The girl scrunched her nose at
the hatchery, the fishy smell.
Her mum led her inside.
Aren't lobsters interesting?
A tank filled with dirty water.
Those aren't mud flecks, Mum said,
Those are babies.
Lobsters grow throughout their lifetime.
The next tank had fewer flecks
and the one after that had things that looked like lobsters.
The girl stared at the curves of their shells,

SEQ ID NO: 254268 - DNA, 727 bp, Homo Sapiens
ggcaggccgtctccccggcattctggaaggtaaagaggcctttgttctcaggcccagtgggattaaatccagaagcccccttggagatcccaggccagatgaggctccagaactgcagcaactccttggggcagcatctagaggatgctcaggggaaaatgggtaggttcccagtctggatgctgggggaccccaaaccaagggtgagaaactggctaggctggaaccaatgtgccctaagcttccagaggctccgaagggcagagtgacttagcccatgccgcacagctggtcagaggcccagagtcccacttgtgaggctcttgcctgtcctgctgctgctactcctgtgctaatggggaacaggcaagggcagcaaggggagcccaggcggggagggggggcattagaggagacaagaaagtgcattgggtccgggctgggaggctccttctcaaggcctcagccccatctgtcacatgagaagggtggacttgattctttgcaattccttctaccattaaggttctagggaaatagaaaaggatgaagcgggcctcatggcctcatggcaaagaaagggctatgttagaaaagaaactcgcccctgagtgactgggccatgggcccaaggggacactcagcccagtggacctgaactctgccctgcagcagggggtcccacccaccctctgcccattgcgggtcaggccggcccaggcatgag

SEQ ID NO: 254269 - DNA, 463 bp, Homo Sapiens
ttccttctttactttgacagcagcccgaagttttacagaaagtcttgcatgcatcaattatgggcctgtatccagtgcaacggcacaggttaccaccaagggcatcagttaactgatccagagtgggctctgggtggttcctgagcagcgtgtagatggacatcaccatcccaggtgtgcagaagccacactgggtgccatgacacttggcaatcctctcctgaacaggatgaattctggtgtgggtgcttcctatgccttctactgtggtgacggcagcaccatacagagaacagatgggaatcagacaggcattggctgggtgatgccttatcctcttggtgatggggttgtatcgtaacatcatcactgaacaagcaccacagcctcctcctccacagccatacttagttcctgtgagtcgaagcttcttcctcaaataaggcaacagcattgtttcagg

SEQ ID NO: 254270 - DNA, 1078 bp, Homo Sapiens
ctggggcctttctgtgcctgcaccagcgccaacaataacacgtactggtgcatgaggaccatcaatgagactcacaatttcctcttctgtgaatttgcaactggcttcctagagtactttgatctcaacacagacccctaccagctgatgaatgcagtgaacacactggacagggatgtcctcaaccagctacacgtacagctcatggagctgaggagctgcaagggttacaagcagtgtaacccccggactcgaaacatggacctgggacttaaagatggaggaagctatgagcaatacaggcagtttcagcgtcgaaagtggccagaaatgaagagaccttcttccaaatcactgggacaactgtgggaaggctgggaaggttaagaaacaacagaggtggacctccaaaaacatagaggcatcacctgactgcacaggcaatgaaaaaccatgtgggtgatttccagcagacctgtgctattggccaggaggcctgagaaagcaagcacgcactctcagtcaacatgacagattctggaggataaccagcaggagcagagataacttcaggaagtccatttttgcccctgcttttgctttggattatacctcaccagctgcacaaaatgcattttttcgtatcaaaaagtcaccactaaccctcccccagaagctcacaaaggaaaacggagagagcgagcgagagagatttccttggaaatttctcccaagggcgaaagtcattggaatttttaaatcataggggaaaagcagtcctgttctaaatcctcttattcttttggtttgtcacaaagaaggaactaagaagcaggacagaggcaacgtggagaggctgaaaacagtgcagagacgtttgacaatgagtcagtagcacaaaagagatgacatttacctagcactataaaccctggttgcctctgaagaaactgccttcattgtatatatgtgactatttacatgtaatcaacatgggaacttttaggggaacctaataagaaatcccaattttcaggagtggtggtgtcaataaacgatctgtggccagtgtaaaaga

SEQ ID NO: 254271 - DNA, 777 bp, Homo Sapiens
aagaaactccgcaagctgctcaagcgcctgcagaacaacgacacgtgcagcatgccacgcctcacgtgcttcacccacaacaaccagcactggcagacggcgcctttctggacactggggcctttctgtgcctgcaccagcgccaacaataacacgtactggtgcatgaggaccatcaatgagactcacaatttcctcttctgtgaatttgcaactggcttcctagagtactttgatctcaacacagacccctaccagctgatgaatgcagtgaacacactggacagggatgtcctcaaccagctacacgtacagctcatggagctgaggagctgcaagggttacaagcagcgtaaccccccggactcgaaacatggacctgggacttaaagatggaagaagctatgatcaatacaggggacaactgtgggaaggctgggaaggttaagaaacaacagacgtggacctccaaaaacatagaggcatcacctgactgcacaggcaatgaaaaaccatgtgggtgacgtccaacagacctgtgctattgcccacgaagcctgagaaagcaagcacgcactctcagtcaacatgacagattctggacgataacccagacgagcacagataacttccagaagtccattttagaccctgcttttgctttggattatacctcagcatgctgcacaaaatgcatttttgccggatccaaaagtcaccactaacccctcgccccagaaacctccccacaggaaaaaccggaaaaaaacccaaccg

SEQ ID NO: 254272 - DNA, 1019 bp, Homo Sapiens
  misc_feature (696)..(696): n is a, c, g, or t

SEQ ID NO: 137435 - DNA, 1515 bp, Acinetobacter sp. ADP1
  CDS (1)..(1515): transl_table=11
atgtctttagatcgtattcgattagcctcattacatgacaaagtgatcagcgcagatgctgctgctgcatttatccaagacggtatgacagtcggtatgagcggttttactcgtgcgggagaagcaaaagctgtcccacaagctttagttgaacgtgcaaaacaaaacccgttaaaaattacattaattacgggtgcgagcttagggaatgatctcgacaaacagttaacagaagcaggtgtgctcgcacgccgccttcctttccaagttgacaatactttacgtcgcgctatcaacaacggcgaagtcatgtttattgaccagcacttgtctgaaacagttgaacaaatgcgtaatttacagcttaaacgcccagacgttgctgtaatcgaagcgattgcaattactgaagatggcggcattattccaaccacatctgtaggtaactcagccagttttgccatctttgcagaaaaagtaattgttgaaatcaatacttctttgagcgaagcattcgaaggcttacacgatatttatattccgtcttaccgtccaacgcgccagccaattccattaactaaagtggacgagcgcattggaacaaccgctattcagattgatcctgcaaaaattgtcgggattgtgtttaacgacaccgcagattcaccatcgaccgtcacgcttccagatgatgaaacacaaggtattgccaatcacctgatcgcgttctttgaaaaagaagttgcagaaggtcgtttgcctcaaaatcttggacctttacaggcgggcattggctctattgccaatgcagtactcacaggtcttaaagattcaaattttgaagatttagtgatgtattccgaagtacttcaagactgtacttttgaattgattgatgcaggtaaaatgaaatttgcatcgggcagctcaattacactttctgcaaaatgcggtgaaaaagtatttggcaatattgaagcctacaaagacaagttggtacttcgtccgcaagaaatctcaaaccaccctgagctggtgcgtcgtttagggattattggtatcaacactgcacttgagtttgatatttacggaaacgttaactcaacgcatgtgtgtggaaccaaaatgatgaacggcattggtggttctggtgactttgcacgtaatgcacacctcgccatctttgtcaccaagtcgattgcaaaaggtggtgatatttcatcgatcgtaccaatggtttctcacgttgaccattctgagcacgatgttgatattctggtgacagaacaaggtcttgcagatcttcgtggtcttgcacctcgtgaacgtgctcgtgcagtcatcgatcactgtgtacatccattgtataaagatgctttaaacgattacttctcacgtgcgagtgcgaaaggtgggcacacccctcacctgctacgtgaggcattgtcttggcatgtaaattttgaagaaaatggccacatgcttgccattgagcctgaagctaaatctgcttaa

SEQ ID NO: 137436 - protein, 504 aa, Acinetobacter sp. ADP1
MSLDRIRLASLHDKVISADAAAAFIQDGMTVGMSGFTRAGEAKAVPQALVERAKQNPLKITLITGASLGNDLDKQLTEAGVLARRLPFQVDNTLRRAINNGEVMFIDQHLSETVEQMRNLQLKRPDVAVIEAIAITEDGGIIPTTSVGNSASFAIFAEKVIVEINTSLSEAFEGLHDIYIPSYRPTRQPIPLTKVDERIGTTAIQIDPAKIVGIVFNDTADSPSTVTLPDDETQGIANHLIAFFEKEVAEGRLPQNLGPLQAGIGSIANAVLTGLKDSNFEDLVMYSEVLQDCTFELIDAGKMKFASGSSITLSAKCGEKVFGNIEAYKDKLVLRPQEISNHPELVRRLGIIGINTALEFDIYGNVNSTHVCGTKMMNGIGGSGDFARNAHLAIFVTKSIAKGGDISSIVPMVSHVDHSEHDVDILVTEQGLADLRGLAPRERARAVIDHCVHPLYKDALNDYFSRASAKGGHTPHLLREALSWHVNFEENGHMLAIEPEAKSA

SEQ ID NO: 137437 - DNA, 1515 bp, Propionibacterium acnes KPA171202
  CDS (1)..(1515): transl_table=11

the curves that would be their pincers.
They arrived at the nursery,
large lobster mothers sheltering busy babies
crawling back and forth beneath stiff, still figures.
Mum drew daughter close.
The last lobsters were huge, one per tank,
men in aprons standing over them.
Occasionally an antennae twitched,
a pincer closed and opened.
The girl gripped her mother's hand
and they hurried out together
past cartoon lobsters collecting donations:
a pound each for the privilege.
At the car, the girl touched the window
while Mum watched, hand on the key,
wondering just how big they would be
in half a century.